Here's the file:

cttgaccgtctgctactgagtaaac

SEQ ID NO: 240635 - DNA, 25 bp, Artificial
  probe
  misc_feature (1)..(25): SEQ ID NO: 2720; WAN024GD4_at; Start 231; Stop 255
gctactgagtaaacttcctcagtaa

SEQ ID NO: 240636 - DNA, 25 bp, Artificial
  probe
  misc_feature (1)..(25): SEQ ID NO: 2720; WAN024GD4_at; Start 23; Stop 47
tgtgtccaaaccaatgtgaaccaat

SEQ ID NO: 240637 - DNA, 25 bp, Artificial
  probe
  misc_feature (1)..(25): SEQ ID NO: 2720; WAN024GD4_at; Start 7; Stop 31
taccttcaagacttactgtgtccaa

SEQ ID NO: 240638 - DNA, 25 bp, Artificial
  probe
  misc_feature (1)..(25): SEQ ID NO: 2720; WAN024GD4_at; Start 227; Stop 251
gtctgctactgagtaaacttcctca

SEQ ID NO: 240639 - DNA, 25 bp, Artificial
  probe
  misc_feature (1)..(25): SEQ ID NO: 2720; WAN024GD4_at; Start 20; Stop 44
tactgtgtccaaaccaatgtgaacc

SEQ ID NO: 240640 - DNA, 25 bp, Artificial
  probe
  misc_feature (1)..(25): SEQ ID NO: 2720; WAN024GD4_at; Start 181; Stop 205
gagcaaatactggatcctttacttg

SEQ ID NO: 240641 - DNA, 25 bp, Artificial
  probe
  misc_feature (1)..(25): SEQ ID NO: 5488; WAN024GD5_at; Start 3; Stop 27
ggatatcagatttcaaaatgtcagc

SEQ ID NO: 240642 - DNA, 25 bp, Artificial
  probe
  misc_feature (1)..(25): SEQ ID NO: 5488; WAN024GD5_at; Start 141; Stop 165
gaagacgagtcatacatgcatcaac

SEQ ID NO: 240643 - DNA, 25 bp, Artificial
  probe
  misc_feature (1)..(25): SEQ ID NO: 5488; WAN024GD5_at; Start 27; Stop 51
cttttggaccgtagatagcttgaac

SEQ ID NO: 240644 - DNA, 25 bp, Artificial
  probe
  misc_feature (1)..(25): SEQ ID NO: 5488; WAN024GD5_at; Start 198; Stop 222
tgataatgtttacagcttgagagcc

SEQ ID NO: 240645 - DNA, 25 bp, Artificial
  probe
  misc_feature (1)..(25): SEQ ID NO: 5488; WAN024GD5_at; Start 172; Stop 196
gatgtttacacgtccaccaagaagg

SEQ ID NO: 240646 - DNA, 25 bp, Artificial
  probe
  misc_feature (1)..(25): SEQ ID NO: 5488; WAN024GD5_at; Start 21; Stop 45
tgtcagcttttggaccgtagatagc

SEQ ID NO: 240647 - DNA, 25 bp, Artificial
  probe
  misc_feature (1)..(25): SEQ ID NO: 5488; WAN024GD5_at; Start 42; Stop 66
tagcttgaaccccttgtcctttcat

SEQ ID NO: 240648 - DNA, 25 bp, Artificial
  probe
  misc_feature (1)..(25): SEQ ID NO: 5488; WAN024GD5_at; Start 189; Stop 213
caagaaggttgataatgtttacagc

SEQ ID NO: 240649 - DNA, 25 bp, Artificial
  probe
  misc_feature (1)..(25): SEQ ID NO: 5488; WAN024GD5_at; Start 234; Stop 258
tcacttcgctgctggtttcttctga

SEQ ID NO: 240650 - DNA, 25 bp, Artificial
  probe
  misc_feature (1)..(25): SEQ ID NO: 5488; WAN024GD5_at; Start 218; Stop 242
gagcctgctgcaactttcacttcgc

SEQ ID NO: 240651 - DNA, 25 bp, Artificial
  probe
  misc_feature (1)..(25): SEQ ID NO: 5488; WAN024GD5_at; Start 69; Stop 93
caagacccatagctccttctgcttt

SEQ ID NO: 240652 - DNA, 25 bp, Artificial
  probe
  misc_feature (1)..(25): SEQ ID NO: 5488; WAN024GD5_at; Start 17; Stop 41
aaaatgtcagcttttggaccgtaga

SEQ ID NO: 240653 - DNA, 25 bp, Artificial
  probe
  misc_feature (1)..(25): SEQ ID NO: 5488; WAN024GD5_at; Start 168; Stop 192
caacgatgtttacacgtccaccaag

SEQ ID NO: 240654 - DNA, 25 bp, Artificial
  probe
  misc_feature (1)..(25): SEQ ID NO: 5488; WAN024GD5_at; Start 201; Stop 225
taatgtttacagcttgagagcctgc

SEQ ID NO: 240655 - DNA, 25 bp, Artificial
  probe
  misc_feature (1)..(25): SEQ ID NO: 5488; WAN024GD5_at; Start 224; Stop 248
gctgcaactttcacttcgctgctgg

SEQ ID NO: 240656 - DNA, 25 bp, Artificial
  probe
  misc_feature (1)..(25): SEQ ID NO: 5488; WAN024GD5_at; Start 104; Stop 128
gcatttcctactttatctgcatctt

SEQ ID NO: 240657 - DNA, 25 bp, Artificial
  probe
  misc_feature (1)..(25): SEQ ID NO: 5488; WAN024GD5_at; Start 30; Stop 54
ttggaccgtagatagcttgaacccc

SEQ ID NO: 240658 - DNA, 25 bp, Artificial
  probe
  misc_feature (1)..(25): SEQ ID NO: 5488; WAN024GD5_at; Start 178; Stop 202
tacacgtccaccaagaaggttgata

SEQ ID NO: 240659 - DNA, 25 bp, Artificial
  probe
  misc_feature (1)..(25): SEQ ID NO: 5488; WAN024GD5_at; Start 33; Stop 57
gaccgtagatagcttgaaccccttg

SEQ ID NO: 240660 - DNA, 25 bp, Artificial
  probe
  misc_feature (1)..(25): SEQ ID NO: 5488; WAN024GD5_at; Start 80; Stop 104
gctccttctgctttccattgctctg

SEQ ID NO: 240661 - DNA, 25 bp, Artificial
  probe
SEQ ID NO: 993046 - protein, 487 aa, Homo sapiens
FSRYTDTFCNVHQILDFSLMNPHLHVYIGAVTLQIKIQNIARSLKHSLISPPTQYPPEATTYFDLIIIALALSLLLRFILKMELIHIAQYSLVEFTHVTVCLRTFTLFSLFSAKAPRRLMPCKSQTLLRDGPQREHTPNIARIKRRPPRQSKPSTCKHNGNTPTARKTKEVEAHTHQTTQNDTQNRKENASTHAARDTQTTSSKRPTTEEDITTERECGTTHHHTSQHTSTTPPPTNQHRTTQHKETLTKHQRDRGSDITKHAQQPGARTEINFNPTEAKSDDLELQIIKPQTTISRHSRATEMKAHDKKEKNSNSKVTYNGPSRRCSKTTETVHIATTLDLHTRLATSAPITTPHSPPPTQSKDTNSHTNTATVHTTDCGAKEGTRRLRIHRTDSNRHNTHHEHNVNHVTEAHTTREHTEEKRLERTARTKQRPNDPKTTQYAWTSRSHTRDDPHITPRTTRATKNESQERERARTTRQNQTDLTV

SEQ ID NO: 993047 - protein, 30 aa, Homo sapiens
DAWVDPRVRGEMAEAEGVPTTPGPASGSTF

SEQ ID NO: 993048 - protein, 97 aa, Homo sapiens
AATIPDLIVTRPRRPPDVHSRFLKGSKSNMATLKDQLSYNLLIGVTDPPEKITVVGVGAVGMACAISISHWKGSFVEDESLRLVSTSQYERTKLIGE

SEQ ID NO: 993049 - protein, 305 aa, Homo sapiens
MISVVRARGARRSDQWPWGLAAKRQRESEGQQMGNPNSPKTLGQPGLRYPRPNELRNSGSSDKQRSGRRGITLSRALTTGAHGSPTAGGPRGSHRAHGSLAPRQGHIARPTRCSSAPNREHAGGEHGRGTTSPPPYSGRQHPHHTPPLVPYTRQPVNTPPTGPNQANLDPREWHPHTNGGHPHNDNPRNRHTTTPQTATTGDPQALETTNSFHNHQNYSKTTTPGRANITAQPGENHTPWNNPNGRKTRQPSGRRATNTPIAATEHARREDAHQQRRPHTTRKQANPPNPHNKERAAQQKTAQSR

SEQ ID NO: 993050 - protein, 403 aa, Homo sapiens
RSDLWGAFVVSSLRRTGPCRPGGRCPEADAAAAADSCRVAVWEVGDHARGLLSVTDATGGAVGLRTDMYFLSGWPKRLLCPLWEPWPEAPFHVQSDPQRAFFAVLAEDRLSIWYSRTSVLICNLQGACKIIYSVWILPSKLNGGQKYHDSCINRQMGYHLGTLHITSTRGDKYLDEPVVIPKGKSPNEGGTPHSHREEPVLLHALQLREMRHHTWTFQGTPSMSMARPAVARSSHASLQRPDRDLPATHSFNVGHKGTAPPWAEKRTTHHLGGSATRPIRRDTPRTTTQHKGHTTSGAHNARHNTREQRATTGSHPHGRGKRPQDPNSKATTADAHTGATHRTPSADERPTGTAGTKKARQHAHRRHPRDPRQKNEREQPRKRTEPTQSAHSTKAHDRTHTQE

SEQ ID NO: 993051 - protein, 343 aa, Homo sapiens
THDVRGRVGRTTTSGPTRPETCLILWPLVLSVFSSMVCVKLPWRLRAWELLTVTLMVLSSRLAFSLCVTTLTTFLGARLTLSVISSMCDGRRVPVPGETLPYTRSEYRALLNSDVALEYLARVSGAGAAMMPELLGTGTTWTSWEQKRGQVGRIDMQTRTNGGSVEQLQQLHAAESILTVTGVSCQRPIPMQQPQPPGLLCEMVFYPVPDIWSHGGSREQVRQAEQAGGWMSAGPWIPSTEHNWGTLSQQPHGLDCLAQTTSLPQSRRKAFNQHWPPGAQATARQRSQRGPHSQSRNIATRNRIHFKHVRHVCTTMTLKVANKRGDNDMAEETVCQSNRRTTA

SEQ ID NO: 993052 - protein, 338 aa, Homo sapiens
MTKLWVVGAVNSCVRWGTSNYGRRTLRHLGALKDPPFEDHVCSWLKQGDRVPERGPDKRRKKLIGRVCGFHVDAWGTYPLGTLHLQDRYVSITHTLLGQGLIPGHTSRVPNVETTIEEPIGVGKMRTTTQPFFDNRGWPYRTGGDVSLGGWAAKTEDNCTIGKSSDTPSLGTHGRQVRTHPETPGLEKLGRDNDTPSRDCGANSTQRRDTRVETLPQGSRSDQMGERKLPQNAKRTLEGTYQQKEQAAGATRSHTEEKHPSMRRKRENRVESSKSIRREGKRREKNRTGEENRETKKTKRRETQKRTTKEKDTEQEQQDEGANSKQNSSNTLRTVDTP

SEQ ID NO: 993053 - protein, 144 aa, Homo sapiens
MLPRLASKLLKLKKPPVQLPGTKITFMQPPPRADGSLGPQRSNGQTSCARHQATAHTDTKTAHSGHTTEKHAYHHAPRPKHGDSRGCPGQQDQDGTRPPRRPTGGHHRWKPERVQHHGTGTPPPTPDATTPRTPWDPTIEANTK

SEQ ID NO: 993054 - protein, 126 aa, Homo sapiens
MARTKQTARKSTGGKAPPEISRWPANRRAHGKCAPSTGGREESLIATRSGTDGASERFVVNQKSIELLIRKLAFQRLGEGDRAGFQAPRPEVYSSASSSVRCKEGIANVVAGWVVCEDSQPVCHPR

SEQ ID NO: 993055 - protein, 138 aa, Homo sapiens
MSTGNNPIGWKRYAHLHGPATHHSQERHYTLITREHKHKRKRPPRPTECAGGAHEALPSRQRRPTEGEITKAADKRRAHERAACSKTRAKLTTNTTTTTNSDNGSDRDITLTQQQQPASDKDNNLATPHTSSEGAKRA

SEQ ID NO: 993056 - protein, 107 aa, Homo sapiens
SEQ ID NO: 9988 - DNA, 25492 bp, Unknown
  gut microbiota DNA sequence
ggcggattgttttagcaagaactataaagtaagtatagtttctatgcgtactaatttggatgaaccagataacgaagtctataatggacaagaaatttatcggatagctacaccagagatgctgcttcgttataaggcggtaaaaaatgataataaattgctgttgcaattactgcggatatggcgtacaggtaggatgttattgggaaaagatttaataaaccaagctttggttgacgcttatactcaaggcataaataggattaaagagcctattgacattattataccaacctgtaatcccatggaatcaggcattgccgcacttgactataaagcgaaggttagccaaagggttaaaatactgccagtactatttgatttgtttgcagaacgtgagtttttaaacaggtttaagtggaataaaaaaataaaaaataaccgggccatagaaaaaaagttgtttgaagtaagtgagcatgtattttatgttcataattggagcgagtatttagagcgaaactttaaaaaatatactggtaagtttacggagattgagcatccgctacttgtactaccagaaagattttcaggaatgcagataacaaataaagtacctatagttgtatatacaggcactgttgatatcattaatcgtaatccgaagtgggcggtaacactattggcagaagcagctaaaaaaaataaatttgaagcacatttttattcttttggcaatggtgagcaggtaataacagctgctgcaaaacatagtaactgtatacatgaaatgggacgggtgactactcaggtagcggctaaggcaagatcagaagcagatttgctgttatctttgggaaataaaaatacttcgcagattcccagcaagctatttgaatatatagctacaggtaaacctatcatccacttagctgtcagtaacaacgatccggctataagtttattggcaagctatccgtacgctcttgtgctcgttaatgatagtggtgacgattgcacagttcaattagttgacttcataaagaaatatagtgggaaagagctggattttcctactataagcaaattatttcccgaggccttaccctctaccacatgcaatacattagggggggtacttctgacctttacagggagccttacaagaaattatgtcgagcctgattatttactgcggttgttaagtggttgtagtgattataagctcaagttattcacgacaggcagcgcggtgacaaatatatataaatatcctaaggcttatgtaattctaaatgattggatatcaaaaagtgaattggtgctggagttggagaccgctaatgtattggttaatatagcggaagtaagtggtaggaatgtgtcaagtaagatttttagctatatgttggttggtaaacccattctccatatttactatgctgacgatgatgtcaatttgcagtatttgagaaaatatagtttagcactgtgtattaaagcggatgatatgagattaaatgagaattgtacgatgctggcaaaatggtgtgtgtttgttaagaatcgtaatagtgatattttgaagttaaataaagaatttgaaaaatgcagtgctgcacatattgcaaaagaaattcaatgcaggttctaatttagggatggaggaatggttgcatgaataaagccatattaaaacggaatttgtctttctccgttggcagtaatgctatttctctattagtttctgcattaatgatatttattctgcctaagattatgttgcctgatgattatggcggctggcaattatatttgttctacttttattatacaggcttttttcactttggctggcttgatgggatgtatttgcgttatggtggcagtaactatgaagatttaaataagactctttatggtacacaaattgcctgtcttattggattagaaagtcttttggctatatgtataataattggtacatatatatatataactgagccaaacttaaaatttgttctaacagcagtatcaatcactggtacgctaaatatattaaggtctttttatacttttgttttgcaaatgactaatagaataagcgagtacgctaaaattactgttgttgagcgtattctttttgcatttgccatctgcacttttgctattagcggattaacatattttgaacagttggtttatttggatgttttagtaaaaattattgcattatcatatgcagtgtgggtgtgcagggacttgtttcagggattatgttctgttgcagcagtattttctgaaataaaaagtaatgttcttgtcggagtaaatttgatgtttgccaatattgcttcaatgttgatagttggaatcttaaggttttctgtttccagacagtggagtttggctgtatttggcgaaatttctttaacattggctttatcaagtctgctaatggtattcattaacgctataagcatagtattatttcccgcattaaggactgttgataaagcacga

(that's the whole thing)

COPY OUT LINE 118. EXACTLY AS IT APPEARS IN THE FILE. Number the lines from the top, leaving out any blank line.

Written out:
SEQ ID NO: 993051 - protein, 343 aa, Homo sapiens